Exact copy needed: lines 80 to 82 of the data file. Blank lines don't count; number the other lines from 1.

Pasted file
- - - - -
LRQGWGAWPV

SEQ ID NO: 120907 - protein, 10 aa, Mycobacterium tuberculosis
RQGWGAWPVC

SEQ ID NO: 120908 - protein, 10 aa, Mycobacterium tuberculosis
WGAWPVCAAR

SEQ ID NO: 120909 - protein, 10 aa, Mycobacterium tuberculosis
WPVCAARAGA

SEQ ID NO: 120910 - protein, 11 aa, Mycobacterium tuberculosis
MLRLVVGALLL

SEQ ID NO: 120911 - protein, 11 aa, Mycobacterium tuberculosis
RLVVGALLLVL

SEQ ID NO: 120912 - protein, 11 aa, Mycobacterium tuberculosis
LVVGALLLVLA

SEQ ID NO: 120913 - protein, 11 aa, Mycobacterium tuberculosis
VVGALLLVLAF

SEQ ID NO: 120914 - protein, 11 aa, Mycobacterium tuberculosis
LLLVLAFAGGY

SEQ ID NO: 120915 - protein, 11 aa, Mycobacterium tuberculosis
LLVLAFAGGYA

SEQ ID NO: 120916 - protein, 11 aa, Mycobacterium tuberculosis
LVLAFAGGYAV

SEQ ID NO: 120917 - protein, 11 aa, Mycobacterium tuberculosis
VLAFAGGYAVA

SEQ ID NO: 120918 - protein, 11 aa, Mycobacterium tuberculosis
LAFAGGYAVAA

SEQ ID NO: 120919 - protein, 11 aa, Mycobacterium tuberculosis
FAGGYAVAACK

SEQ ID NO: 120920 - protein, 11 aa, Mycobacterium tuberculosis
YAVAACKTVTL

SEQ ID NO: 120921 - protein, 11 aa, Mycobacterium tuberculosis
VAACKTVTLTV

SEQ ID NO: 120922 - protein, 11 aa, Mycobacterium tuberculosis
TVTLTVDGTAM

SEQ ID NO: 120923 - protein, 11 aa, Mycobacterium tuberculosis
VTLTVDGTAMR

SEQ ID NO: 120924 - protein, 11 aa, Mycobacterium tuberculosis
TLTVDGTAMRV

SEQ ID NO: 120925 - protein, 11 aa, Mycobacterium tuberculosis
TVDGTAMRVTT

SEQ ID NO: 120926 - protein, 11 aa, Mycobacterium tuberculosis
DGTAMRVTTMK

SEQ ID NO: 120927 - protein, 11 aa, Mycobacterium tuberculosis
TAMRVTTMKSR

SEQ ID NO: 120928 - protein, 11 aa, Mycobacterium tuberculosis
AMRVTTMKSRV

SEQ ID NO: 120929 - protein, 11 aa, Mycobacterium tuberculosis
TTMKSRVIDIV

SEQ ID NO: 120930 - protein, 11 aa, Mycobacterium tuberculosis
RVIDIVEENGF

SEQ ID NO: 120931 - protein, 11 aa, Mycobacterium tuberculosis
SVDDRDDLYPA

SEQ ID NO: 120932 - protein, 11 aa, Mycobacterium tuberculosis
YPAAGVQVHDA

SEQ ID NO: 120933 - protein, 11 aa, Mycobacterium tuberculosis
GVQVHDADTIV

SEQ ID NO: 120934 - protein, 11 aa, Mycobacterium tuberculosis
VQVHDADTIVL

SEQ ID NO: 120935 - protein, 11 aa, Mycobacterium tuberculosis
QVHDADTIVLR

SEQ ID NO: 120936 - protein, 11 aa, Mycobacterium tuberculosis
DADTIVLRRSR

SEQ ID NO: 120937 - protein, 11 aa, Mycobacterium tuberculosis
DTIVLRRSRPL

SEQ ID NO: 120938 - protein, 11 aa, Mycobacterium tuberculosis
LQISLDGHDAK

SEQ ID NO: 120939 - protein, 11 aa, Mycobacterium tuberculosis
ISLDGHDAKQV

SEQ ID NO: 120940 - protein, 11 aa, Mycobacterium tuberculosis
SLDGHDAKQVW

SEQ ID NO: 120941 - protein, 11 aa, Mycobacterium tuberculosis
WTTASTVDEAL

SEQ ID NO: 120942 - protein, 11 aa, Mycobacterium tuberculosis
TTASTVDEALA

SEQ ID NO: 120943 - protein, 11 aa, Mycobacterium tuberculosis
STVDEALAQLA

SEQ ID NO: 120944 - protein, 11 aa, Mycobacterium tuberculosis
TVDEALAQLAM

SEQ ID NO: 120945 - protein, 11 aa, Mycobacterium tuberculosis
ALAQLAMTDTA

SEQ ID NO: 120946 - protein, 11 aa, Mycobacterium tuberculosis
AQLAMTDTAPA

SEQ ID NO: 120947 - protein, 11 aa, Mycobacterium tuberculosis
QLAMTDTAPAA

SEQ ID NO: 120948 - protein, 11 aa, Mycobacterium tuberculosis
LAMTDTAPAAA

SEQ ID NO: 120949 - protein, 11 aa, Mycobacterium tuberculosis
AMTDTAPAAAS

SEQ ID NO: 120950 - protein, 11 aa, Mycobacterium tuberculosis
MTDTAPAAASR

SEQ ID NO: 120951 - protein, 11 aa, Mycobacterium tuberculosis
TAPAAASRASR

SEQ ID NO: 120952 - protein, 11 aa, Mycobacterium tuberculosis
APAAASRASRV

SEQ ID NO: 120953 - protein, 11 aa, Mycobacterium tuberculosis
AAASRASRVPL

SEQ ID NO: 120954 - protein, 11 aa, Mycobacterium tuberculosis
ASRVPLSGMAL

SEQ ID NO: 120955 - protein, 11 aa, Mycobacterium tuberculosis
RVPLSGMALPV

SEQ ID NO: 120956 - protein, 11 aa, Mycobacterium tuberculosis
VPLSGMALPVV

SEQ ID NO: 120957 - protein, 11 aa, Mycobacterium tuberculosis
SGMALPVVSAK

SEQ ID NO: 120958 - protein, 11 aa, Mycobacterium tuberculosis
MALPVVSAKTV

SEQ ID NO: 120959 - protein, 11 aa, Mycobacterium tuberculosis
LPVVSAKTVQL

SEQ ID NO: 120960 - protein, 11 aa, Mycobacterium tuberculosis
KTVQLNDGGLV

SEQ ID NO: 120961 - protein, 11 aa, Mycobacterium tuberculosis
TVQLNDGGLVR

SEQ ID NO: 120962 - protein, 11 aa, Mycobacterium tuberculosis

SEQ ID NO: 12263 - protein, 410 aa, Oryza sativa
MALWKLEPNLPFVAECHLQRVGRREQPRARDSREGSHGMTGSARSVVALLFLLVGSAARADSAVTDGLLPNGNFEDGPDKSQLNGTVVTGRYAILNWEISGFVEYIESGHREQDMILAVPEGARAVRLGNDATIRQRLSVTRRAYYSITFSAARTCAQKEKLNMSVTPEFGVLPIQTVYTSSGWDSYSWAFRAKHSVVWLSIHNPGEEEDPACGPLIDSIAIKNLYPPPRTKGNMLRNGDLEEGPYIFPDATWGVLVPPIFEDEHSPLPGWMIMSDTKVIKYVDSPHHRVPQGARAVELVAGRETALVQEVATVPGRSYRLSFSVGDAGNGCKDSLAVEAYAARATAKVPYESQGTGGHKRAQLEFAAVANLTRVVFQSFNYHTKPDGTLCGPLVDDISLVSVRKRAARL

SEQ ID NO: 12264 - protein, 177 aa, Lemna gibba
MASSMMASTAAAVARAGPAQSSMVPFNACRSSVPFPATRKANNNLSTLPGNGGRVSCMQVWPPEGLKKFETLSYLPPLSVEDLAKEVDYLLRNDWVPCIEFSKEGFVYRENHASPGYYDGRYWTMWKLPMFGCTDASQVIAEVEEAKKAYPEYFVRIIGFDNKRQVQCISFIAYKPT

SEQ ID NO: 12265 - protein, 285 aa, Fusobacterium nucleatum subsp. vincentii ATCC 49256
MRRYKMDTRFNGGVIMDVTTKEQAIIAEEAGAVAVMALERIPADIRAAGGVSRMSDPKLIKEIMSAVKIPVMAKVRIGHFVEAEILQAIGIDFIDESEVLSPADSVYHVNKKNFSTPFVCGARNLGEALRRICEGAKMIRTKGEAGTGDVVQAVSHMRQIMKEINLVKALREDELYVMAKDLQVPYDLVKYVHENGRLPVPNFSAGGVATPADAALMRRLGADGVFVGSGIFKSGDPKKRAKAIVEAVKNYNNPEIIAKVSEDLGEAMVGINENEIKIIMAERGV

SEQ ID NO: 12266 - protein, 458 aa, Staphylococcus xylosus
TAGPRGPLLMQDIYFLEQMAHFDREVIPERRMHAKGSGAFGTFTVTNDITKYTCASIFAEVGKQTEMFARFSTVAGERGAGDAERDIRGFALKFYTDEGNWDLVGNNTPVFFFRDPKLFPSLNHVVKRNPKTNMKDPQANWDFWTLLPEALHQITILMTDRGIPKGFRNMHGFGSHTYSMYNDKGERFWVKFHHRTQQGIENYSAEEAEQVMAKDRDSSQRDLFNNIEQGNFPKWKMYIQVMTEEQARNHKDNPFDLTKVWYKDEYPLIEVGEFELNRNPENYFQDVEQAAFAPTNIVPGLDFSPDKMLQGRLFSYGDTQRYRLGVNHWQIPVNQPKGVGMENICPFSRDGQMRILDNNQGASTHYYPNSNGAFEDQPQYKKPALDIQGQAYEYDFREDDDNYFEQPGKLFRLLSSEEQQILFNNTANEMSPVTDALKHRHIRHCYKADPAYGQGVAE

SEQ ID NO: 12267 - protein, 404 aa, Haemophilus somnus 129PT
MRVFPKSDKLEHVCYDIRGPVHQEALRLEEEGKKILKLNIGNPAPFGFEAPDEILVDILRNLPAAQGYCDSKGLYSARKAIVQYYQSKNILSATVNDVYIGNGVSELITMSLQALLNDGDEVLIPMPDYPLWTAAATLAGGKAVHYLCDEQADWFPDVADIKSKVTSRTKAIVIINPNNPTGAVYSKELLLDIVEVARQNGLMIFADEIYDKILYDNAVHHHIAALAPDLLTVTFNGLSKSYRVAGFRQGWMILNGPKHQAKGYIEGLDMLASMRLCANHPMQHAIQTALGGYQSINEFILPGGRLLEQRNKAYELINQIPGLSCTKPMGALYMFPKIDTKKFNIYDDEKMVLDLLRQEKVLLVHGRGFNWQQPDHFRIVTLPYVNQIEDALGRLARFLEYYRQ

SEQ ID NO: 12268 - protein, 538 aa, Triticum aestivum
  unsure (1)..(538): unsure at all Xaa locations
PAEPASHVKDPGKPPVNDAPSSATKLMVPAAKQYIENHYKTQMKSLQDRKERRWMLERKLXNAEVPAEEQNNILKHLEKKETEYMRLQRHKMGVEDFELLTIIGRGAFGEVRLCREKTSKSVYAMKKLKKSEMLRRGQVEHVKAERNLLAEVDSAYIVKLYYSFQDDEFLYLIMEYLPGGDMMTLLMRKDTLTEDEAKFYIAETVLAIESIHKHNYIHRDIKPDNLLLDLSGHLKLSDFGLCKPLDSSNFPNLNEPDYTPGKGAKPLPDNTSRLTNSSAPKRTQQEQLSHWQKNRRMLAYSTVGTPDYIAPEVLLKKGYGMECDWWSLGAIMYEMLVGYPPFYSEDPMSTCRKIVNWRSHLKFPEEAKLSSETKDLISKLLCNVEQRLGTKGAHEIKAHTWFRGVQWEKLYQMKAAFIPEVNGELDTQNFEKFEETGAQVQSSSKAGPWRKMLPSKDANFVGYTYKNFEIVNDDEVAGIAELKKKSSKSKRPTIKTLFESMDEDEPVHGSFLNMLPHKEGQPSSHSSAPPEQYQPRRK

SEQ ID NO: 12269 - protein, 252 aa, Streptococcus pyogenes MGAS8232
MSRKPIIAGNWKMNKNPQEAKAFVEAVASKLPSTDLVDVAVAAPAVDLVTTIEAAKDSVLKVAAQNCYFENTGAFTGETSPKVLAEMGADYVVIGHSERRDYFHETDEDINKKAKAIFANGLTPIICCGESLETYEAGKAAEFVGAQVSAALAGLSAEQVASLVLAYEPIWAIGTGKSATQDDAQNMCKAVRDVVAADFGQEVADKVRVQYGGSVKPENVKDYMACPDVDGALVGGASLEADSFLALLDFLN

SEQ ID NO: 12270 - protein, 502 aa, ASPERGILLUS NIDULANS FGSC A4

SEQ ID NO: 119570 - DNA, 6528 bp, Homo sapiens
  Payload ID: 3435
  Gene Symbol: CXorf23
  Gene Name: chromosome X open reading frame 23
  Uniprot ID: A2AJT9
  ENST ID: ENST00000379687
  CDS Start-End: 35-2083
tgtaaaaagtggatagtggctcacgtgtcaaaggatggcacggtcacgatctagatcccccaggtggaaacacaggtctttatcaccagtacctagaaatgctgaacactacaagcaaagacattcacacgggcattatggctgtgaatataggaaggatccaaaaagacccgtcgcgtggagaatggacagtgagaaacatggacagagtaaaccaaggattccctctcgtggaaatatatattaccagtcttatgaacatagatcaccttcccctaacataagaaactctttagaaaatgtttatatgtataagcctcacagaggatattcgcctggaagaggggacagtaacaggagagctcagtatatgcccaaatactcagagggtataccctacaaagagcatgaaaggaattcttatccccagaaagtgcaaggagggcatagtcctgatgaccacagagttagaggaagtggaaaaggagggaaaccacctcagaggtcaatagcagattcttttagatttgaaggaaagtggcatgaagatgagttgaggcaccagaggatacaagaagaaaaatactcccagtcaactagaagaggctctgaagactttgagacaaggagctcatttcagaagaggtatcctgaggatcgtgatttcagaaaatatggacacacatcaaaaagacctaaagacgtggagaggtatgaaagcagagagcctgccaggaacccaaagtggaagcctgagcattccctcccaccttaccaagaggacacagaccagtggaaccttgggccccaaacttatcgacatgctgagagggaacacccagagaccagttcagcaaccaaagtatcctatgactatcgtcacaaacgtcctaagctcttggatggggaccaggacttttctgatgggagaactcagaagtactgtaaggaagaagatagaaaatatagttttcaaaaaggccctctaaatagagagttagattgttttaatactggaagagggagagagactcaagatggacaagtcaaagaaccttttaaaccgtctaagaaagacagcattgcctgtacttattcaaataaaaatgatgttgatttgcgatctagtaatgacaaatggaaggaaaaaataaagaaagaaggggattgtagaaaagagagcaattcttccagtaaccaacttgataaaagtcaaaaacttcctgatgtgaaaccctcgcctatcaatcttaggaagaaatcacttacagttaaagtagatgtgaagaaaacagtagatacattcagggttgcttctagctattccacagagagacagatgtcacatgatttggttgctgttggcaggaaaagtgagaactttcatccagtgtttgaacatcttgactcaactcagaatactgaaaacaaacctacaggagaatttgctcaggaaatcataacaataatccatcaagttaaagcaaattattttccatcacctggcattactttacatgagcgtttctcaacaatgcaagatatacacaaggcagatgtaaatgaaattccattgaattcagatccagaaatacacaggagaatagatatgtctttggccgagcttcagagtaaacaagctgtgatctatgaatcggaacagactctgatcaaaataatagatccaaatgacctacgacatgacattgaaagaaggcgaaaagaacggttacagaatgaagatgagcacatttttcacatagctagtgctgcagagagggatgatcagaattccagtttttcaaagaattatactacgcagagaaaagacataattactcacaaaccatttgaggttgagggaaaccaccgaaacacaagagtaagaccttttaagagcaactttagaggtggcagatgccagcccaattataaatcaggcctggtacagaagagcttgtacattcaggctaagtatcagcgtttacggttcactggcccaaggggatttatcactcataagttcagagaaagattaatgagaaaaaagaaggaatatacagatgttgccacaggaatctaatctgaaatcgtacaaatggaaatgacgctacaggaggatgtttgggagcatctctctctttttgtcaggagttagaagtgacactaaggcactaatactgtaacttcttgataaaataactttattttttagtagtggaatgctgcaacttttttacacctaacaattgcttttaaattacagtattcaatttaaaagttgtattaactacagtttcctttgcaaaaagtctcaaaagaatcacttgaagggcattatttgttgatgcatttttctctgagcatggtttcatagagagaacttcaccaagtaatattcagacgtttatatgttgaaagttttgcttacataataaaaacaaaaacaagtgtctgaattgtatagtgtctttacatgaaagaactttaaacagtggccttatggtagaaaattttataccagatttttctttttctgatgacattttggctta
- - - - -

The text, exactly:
SEQ ID NO: 120946 - protein, 11 aa, Mycobacterium tuberculosis
AQLAMTDTAPA

SEQ ID NO: 120947 - protein, 11 aa, Mycobacterium tuberculosis